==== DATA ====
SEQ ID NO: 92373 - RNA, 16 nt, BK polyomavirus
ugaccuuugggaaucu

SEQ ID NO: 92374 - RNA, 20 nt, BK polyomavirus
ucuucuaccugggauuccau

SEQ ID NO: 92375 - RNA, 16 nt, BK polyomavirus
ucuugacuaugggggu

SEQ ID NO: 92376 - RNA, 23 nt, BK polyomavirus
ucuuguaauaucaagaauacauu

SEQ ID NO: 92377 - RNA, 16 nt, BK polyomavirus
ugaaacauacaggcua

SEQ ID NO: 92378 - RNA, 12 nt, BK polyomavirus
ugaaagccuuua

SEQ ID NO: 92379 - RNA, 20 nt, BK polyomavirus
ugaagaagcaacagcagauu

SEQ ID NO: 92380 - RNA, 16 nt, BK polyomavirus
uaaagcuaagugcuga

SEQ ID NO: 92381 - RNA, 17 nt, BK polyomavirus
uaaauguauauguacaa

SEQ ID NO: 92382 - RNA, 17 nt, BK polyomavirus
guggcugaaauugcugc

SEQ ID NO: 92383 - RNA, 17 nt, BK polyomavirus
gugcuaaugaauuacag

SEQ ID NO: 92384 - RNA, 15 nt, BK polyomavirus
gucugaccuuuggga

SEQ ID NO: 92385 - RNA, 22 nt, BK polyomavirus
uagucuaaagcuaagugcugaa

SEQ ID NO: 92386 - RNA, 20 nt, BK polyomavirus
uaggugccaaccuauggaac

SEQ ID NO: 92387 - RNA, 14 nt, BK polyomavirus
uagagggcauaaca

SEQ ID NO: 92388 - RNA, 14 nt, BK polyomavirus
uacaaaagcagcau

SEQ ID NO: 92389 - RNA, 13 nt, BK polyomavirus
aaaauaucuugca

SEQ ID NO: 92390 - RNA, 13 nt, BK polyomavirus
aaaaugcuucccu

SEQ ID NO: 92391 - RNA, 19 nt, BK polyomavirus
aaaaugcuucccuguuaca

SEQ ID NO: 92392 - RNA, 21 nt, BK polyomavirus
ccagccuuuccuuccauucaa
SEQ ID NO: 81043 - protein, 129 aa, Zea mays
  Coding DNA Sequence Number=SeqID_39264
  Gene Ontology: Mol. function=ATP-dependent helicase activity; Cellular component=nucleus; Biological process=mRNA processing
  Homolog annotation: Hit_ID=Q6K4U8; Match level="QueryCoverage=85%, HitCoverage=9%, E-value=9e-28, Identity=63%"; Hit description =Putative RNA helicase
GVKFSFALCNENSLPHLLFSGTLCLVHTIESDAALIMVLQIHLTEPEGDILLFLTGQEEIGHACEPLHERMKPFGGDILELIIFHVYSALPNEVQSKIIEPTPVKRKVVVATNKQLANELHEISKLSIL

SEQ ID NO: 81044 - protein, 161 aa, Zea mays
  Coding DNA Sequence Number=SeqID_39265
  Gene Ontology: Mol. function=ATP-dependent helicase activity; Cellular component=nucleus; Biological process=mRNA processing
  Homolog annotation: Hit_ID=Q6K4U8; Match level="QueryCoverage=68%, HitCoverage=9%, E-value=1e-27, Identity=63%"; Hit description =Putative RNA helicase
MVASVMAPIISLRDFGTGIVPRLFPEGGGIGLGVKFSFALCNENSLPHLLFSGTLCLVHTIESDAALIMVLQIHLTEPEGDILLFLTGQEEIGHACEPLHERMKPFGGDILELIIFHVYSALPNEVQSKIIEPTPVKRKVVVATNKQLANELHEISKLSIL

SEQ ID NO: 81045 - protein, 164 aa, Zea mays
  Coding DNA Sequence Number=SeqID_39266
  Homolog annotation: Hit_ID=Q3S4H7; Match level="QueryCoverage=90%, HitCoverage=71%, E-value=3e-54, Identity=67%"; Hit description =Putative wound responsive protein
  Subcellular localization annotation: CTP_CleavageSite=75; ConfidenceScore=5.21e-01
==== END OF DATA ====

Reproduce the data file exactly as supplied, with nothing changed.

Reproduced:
SEQ ID NO: 92373 - RNA, 16 nt, BK polyomavirus
ugaccuuugggaaucu

SEQ ID NO: 92374 - RNA, 20 nt, BK polyomavirus
ucuucuaccugggauuccau

SEQ ID NO: 92375 - RNA, 16 nt, BK polyomavirus
ucuugacuaugggggu

SEQ ID NO: 92376 - RNA, 23 nt, BK polyomavirus
ucuuguaauaucaagaauacauu

SEQ ID NO: 92377 - RNA, 16 nt, BK polyomavirus
ugaaacauacaggcua

SEQ ID NO: 92378 - RNA, 12 nt, BK polyomavirus
ugaaagccuuua

SEQ ID NO: 92379 - RNA, 20 nt, BK polyomavirus
ugaagaagcaacagcagauu

SEQ ID NO: 92380 - RNA, 16 nt, BK polyomavirus
uaaagcuaagugcuga

SEQ ID NO: 92381 - RNA, 17 nt, BK polyomavirus
uaaauguauauguacaa

SEQ ID NO: 92382 - RNA, 17 nt, BK polyomavirus
guggcugaaauugcugc

SEQ ID NO: 92383 - RNA, 17 nt, BK polyomavirus
gugcuaaugaauuacag

SEQ ID NO: 92384 - RNA, 15 nt, BK polyomavirus
gucugaccuuuggga

SEQ ID NO: 92385 - RNA, 22 nt, BK polyomavirus
uagucuaaagcuaagugcugaa

SEQ ID NO: 92386 - RNA, 20 nt, BK polyomavirus
uaggugccaaccuauggaac

SEQ ID NO: 92387 - RNA, 14 nt, BK polyomavirus
uagagggcauaaca

SEQ ID NO: 92388 - RNA, 14 nt, BK polyomavirus
uacaaaagcagcau

SEQ ID NO: 92389 - RNA, 13 nt, BK polyomavirus
aaaauaucuugca

SEQ ID NO: 92390 - RNA, 13 nt, BK polyomavirus
aaaaugcuucccu

SEQ ID NO: 92391 - RNA, 19 nt, BK polyomavirus
aaaaugcuucccuguuaca

SEQ ID NO: 92392 - RNA, 21 nt, BK polyomavirus
ccagccuuuccuuccauucaa
SEQ ID NO: 81043 - protein, 129 aa, Zea mays
  Coding DNA Sequence Number=SeqID_39264
  Gene Ontology: Mol. function=ATP-dependent helicase activity; Cellular component=nucleus; Biological process=mRNA processing
  Homolog annotation: Hit_ID=Q6K4U8; Match level="QueryCoverage=85%, HitCoverage=9%, E-value=9e-28, Identity=63%"; Hit description =Putative RNA helicase
GVKFSFALCNENSLPHLLFSGTLCLVHTIESDAALIMVLQIHLTEPEGDILLFLTGQEEIGHACEPLHERMKPFGGDILELIIFHVYSALPNEVQSKIIEPTPVKRKVVVATNKQLANELHEISKLSIL

SEQ ID NO: 81044 - protein, 161 aa, Zea mays
  Coding DNA Sequence Number=SeqID_39265
  Gene Ontology: Mol. function=ATP-dependent helicase activity; Cellular component=nucleus; Biological process=mRNA processing
  Homolog annotation: Hit_ID=Q6K4U8; Match level="QueryCoverage=68%, HitCoverage=9%, E-value=1e-27, Identity=63%"; Hit description =Putative RNA helicase
MVASVMAPIISLRDFGTGIVPRLFPEGGGIGLGVKFSFALCNENSLPHLLFSGTLCLVHTIESDAALIMVLQIHLTEPEGDILLFLTGQEEIGHACEPLHERMKPFGGDILELIIFHVYSALPNEVQSKIIEPTPVKRKVVVATNKQLANELHEISKLSIL

SEQ ID NO: 81045 - protein, 164 aa, Zea mays
  Coding DNA Sequence Number=SeqID_39266
  Homolog annotation: Hit_ID=Q3S4H7; Match level="QueryCoverage=90%, HitCoverage=71%, E-value=3e-54, Identity=67%"; Hit description =Putative wound responsive protein
  Subcellular localization annotation: CTP_CleavageSite=75; ConfidenceScore=5.21e-01